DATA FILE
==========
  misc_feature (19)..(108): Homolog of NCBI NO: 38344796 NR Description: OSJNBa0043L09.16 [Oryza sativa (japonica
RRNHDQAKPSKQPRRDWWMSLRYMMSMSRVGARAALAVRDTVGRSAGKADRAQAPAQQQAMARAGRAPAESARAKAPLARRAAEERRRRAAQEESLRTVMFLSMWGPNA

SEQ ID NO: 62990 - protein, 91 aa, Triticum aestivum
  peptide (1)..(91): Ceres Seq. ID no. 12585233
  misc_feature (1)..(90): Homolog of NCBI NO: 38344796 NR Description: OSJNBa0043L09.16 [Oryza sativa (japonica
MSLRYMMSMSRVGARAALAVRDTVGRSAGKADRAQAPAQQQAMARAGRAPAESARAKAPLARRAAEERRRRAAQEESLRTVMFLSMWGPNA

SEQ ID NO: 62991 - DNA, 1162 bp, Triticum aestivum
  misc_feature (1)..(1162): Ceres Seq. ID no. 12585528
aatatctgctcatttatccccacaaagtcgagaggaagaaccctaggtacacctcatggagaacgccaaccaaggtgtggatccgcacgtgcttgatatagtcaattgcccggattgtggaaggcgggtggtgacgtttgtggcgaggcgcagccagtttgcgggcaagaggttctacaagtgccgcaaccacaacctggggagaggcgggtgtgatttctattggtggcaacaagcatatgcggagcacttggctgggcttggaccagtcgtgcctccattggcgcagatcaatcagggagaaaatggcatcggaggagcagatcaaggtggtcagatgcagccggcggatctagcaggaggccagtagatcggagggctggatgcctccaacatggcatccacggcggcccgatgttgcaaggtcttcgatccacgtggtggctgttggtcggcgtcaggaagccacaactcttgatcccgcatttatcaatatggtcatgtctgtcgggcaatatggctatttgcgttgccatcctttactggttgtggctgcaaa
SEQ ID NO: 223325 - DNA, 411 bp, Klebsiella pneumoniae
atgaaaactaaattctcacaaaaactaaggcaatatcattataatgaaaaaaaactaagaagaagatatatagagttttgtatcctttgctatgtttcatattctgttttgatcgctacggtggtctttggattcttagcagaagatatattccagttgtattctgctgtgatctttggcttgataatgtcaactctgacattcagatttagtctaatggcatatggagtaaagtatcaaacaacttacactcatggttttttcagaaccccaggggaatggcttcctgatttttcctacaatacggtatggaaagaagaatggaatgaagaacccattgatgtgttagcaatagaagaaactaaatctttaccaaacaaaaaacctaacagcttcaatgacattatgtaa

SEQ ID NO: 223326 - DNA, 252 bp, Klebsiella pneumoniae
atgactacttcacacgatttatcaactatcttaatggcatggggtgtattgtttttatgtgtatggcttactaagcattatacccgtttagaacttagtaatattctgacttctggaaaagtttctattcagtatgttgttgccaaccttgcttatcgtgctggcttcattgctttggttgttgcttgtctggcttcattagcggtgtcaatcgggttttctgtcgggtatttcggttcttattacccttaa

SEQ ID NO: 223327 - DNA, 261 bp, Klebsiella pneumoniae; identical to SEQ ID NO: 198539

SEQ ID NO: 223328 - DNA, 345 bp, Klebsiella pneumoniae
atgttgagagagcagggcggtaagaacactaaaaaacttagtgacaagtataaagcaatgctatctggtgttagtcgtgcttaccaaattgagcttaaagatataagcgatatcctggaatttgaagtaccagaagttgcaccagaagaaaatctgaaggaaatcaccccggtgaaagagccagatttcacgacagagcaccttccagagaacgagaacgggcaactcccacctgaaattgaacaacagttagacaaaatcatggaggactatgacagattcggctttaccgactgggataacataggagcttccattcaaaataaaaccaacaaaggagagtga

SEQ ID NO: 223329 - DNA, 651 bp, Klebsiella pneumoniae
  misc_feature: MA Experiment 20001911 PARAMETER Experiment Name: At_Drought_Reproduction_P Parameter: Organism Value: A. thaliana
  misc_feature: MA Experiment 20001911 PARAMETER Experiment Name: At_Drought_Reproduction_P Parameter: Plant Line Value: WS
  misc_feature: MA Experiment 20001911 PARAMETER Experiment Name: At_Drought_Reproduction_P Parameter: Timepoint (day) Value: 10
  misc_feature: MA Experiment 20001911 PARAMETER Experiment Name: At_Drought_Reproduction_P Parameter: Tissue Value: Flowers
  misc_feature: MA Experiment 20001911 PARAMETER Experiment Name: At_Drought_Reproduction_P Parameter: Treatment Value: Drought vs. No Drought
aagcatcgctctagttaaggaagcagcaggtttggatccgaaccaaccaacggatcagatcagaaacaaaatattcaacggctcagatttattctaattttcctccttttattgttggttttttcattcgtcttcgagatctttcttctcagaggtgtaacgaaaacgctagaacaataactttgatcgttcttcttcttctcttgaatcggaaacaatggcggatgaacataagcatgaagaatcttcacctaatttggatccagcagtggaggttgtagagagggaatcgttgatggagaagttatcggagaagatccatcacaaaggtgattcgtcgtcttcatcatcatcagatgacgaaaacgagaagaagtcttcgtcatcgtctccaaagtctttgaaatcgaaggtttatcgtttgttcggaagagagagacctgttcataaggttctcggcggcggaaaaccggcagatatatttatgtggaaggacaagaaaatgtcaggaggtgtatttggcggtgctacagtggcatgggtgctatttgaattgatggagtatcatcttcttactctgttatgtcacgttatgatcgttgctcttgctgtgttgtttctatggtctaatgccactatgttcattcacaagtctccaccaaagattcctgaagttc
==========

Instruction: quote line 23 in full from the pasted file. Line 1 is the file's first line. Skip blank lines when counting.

aagcatcgctctagttaaggaagcagcaggtttggatccgaaccaaccaacggatcagatcagaaacaaaatattcaacggctcagatttattctaattttcctccttttattgttggttttttcattcgtcttcgagatctttcttctcagaggtgtaacgaaaacgctagaacaataactttgatcgttcttcttcttctcttgaatcggaaacaatggcggatgaacataagcatgaagaatcttcacctaatttggatccagcagtggaggttgtagagagggaatcgttgatggagaagttatcggagaagatccatcacaaaggtgattcgtcgtcttcatcatcatcagatgacgaaaacgagaagaagtcttcgtcatcgtctccaaagtctttgaaatcgaaggtttatcgtttgttcggaagagagagacctgttcataaggttctcggcggcggaaaaccggcagatatatttatgtggaaggacaagaaaatgtcaggaggtgtatttggcggtgctacagtggcatgggtgctatttgaattgatggagtatcatcttcttactctgttatgtcacgttatgatcgttgctcttgctgtgttgtttctatggtctaatgccactatgttcattcacaagtctccaccaaagattcctgaagttc